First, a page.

Poking the beast

Policy shift cannot wait for very long.

Successive governments are aware that subsidies are a beast whose whiskers are best not fiddled with. The government’s prompt rebuttal to the recommendations of the Vijay Kelkar Committee to reduce subsidies and increase LPG prices, as well as put subsidy reduction targets in place, comes as no surprise. It cannot be denied that energy subsidies have played a crucial role in keeping prices of petrol and petroleum products within reach of the poorer sections of society. Subsidies have helped contain inflation to an extent, though government estimates of headline inflation come peppered with huge doses of unreality.

Fossil fuel subsidies have been used world over to balance economic and political imperatives against consumer interests. But heavy subsidisation in countries like India, Mexico, Indonesia and China has only triggered further demand for oil in the world market and further price increases. Zero subsidy nations like the US and the UK continue to pay more for oil, and have simultaneously argued that scrapping subsidy has helped ease demand for oil and improve their energy conservation programmes. But the fact remains that a substantial section of the Indian population, including farmers and the BPL category, still rely on subsidies to manage their day-to-day oil and fuel requirements. But largescale official mismanagement and public pilferage abound. So, while opposing the Kelkar recommendations, the government is forced to ignore the elephant in the room – rising subsidy expenditure. Fuel and fertilizer subsidy expenditure could touch 2.6 per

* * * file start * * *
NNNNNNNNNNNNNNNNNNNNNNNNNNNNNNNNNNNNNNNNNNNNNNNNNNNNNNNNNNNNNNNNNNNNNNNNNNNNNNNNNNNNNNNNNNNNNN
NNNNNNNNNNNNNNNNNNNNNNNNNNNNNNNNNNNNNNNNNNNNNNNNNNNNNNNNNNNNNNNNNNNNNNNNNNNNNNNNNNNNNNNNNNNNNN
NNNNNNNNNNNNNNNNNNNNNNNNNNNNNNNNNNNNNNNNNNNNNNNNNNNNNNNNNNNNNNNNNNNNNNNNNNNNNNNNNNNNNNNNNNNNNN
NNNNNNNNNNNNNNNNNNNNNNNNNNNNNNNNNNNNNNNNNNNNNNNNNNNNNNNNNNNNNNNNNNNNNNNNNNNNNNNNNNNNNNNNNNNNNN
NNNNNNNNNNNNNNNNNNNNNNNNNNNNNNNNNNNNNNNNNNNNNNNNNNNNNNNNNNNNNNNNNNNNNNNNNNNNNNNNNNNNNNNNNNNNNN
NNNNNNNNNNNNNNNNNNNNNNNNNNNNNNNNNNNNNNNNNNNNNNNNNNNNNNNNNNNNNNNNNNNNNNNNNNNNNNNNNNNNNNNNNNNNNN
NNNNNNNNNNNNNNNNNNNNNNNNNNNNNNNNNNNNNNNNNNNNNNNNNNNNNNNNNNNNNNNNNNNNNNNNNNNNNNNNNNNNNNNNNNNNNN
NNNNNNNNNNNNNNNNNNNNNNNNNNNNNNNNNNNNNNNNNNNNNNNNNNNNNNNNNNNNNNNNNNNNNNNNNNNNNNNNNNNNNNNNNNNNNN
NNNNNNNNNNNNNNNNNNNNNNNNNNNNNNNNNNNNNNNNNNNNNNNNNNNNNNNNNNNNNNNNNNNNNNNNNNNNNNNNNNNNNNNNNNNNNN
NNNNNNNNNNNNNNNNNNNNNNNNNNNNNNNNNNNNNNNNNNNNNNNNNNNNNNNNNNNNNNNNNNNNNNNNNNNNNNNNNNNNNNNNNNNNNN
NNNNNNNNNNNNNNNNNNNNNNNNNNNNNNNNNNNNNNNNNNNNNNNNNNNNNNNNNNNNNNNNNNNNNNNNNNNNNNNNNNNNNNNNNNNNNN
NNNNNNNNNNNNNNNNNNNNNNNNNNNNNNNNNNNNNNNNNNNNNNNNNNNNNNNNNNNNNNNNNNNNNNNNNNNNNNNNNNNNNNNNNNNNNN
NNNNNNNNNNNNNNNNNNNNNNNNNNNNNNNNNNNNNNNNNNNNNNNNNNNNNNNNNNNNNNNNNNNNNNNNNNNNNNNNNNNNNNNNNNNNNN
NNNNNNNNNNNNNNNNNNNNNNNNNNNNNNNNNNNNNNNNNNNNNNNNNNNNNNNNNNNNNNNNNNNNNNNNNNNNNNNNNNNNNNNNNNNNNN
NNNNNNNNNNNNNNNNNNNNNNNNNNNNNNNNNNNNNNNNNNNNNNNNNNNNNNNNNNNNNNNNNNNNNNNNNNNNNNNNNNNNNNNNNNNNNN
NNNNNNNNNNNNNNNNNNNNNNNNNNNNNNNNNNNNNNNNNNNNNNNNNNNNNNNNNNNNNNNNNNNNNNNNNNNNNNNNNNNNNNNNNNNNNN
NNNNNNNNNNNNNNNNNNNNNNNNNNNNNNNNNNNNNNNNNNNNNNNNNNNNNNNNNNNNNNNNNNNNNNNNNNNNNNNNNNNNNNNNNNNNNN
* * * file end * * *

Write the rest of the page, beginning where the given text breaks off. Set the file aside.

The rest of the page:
cent of GDP in 2012-13 versus the budgeted target of 1.9 per cent.

While it is wise on the government’s part to keep consumer interest in mind, a long-term picture of the nation’s fiscal priorities needs to take centrestage. Meddling with subsidies would be regressive considering that more “painful decisions” on fuel prices have not been ruled out. Natural gas and crude oil production contracted 13.5 per cent and 0.6 per cent in August. Oil barrel prices fell to $92 over the weekend, though this may not be visible by way of lower prices on the ground. The government is well aware that pruning the subsidy element may help it stagger oil import and distribution losses, but not the growing dependence on oil which necessitates systemic changes in upstream operations and downstream supply chains. That is where a policy shift is imperative.

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